Parliament proceedings | Farm Bills are death warrants for farmers, say Opposition MPs

MPs flag threat to MSP guarantee and ‘unfettered liberalisation’ of agriculture under new Bills

Updated - November 28, 2021 01:15 pm IST

Published - September 20, 2020 01:19 pm IST - New Delhi

Hitting the streets: Members of various farmers'
organisations staging a protest in Patiala on Sunday.

Hitting the streets: Members of various farmers' organisations staging a protest in Patiala on Sunday.

The Opposition in the Rajya Sabha on Sunday said the two farm Bills brought by the government would lead to the corporate takeover of farming and Parliament passing them would be the death warrant of the farmers.

The Farmers’ Produce Trade and Commerce (Promotion and Facilitation) Bill, 2020 and the Farmers (Empowerment and Protection) Agreement on Price Assurance and Farm Services Bill, 2020 were passed by the Upper House amid commotion. During the discussion on the Bills, the Opposition raised concerns that they would pave the way for ending the minimum support price guarantee.

Congress MP Partap Singh Bajwa said the Bills were “ill-conceived and ill-timed” and that farmers in Punjab, his home State, and Haryana viewed them as attacks on their spirit. He said farmers had understood the Bills to be a way of doing away with MSPs and take-over of farmlands by corporations.

“We will not sign on this death warrant of farmers,” he said, saying the Congress opposed them.

All-India Trinamool Congress MP Derek O’Brien questioned the government’s credibility and said the Bills raised an issue of federalism.

“You promised to double farmers’ income by 2022, but at the current rate it will not double till 2028...Your credibility is low to make promises,” he said.

AIADMK MP S.R. Balasubramoniyan said the Bills would lead to farmers being “reduced to farm workers” and big corporations taking over “large swathes of land”. DMK’s T.K.S Elangovan said the Bills were “an insult to farmers” and would lead to farmers “becoming slaves” and “commodities”. He said the Bills not only sought to replace ordinances, but to “repeal the promise of the government to implement the MS Swaminathan report”.

Samajwadi Party MP Ram Gopal Yadav questioned the timing of the Bills, which were introduced to replace ordinances promulgated during the COVID-19 lockdown.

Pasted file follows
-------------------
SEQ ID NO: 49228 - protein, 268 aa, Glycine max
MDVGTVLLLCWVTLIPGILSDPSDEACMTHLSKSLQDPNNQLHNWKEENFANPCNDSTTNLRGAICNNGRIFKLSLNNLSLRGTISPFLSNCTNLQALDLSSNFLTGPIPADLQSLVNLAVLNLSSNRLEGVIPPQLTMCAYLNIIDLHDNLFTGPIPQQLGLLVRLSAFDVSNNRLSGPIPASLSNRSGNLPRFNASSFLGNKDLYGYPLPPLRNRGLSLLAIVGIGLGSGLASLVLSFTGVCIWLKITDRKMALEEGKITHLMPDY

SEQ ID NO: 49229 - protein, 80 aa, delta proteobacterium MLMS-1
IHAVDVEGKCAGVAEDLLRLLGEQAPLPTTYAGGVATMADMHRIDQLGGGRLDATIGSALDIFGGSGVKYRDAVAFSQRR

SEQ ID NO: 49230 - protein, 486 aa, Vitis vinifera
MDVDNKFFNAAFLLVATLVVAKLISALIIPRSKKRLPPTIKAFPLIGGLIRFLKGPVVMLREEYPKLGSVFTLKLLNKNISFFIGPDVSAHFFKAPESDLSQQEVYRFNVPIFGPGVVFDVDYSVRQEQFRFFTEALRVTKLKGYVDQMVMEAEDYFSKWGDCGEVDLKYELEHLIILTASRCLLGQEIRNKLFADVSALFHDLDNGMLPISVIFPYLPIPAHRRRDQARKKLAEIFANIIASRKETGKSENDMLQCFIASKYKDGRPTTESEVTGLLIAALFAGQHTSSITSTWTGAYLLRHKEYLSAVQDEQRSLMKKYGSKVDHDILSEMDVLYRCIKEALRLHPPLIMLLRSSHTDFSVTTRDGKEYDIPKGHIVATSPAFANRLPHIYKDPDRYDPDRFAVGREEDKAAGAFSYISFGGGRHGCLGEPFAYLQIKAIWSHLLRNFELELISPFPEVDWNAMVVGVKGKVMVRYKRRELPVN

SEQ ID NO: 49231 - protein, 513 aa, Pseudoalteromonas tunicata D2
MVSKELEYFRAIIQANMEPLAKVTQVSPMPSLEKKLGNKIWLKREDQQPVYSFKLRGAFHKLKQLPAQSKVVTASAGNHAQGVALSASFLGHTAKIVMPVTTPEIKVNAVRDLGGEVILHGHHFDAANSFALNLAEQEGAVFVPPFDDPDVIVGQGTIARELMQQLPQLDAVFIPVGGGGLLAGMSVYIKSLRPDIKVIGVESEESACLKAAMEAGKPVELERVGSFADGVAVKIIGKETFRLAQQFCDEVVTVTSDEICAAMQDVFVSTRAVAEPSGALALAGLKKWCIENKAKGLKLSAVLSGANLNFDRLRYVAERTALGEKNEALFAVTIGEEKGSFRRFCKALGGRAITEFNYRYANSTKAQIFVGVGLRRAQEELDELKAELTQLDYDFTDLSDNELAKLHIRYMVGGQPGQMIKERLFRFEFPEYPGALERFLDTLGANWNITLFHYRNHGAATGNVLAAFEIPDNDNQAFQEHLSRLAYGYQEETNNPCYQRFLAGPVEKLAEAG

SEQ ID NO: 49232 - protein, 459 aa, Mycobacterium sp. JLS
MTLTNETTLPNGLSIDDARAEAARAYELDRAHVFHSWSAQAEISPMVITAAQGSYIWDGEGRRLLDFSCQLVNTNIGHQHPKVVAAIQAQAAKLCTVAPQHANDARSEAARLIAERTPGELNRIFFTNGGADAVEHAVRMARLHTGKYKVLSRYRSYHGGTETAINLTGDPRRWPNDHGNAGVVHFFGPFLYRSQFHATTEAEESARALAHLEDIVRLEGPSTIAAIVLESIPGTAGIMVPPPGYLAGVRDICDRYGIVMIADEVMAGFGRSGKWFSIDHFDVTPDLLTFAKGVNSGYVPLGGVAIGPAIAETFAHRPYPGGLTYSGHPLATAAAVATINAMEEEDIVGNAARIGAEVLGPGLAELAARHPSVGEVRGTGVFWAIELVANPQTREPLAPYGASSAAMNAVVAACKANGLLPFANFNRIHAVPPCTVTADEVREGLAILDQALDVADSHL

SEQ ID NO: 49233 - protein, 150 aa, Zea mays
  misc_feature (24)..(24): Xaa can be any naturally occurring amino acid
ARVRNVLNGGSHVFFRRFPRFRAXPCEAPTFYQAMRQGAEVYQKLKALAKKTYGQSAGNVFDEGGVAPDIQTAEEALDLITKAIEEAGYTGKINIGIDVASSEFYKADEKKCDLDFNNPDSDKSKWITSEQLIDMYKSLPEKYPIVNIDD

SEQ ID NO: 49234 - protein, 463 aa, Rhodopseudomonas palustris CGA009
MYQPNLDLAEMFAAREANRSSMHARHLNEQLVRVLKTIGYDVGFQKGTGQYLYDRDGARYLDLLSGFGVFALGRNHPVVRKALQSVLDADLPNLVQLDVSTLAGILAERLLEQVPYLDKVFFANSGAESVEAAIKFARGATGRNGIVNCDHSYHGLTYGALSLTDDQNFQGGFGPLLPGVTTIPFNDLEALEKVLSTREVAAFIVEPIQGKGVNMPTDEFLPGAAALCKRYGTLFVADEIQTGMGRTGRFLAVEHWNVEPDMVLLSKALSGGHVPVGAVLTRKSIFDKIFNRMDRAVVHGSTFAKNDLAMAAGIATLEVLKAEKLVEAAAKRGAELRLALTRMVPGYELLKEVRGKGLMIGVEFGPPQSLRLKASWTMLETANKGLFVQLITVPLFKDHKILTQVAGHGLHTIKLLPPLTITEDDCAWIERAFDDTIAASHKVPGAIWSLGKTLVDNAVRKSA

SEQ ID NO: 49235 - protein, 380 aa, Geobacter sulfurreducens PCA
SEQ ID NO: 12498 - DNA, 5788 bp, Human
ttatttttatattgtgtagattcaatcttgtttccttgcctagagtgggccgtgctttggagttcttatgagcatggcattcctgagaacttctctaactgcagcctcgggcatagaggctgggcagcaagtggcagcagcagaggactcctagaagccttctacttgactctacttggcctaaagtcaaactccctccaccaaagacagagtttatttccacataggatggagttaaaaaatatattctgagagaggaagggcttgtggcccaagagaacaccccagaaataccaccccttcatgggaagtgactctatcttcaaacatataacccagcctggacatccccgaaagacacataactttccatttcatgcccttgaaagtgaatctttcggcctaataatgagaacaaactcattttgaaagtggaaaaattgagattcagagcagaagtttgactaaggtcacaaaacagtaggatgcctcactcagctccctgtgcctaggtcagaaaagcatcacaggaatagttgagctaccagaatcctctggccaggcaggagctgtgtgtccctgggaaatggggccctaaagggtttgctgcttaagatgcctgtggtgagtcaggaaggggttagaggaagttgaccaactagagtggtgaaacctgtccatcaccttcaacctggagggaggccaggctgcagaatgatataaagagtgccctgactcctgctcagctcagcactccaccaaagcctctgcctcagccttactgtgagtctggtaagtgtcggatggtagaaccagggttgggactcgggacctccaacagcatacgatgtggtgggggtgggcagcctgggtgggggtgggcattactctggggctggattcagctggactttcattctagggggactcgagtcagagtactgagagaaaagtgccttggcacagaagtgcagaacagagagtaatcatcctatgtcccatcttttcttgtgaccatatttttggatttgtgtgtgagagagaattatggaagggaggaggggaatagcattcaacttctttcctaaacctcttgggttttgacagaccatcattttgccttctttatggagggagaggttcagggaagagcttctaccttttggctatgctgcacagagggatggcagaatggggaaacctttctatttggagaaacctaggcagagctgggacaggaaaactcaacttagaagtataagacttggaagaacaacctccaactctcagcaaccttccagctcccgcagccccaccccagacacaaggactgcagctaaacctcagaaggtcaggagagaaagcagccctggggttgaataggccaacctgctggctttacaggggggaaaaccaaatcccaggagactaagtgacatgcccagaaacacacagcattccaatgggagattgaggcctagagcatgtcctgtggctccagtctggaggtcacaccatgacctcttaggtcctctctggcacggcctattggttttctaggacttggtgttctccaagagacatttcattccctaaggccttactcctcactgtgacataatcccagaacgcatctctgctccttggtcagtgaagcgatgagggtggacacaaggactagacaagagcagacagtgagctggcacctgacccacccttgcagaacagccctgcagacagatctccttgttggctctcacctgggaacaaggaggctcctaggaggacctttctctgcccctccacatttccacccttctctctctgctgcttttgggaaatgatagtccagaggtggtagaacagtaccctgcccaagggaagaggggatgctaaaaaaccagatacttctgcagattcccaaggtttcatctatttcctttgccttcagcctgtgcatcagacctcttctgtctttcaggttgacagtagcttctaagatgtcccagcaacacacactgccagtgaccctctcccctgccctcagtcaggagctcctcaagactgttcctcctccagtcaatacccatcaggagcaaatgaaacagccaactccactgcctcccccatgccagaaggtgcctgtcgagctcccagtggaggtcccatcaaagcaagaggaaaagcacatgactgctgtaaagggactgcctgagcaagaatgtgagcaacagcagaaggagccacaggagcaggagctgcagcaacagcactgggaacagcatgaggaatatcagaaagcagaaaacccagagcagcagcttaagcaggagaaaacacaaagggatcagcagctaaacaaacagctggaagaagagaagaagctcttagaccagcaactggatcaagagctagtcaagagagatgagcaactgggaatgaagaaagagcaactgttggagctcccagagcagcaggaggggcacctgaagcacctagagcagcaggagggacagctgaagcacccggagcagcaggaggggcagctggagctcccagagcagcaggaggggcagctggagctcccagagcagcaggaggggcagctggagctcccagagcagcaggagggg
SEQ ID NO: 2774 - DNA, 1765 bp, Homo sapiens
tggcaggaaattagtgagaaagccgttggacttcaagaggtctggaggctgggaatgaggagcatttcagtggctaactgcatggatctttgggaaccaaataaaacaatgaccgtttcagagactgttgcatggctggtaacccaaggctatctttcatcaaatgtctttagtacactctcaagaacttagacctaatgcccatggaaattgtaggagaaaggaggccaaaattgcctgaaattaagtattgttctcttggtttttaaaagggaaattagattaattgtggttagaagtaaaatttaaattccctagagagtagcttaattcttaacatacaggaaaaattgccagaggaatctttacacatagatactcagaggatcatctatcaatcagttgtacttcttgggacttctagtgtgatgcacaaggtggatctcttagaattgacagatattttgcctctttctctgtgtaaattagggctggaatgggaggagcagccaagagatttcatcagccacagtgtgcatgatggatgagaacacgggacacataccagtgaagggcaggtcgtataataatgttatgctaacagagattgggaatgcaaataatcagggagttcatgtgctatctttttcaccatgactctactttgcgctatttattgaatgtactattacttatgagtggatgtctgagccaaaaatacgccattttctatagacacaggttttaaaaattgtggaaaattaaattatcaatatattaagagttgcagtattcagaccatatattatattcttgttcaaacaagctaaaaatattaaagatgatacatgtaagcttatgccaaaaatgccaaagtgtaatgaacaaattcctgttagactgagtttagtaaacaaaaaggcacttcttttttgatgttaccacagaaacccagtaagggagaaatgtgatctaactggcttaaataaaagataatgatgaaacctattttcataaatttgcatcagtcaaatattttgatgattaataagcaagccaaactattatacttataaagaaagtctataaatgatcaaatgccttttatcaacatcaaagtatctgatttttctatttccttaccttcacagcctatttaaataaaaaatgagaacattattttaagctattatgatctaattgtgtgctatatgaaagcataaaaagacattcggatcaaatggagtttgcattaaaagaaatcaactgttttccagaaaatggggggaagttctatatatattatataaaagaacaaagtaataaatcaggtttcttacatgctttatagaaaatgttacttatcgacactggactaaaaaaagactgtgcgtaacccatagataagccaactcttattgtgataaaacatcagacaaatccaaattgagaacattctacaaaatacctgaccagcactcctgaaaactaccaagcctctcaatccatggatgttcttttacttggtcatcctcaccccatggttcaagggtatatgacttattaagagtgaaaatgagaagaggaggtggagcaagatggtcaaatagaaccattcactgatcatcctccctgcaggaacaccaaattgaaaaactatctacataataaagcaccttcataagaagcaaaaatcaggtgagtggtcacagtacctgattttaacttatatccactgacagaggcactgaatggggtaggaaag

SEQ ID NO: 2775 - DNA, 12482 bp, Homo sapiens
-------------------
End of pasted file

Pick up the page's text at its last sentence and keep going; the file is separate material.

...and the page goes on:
“It seems there is some compulsion that the ruling party doesn’t want to discuss or debate, they are rushing with the Bills,” he said, adding that farmers would not be able to compete with big companies.

TRS MP K. Keshava Rao said the Bills were an attack on the rights of States and the Constitution. “If this is the new-age agriculture, then we are against it,” he said.

CPI(M) MP K.K. Ragesh said the Bills would lead to “unfettered liberalisation of Indian agriculture” and was an abdication of responsibility on the part of the government. While agreeing there were certain problems with the system of mandis that need to be rectified, he said the mandis offered farmers remunerative prices for their crops. He said the government should include a provision to declare the MSPs for all produce.

Referring to the upcoming Assembly elections in Bihar, RJD MP Manoj Kumar Jha said there had been a lot of attention on the State recently. He said the impact of the Bills seen in Punjab and Haryana would be seen in Bihar too. He said the farmers had “issued a whip” and that by passing the Bill, “you are writing the obituary of farmers”.

Naresh Gujral of the Shiromani Akali Dal, whose leader Harsimrat Kaur Badal quit as the Food Processing Minister this week over the introduction of the Bills, said: “There is a trust deficit or communication gap, which is why we are telling this party to send it [the Bills] to select committee.”

Amendments moved by Mr. O’Brien, Mr. Ragesh, DMK MP Tiruchi Siva and Congress MP K.C. Venogopal seeking referral of the Bills to a select committee were negatived by the House.

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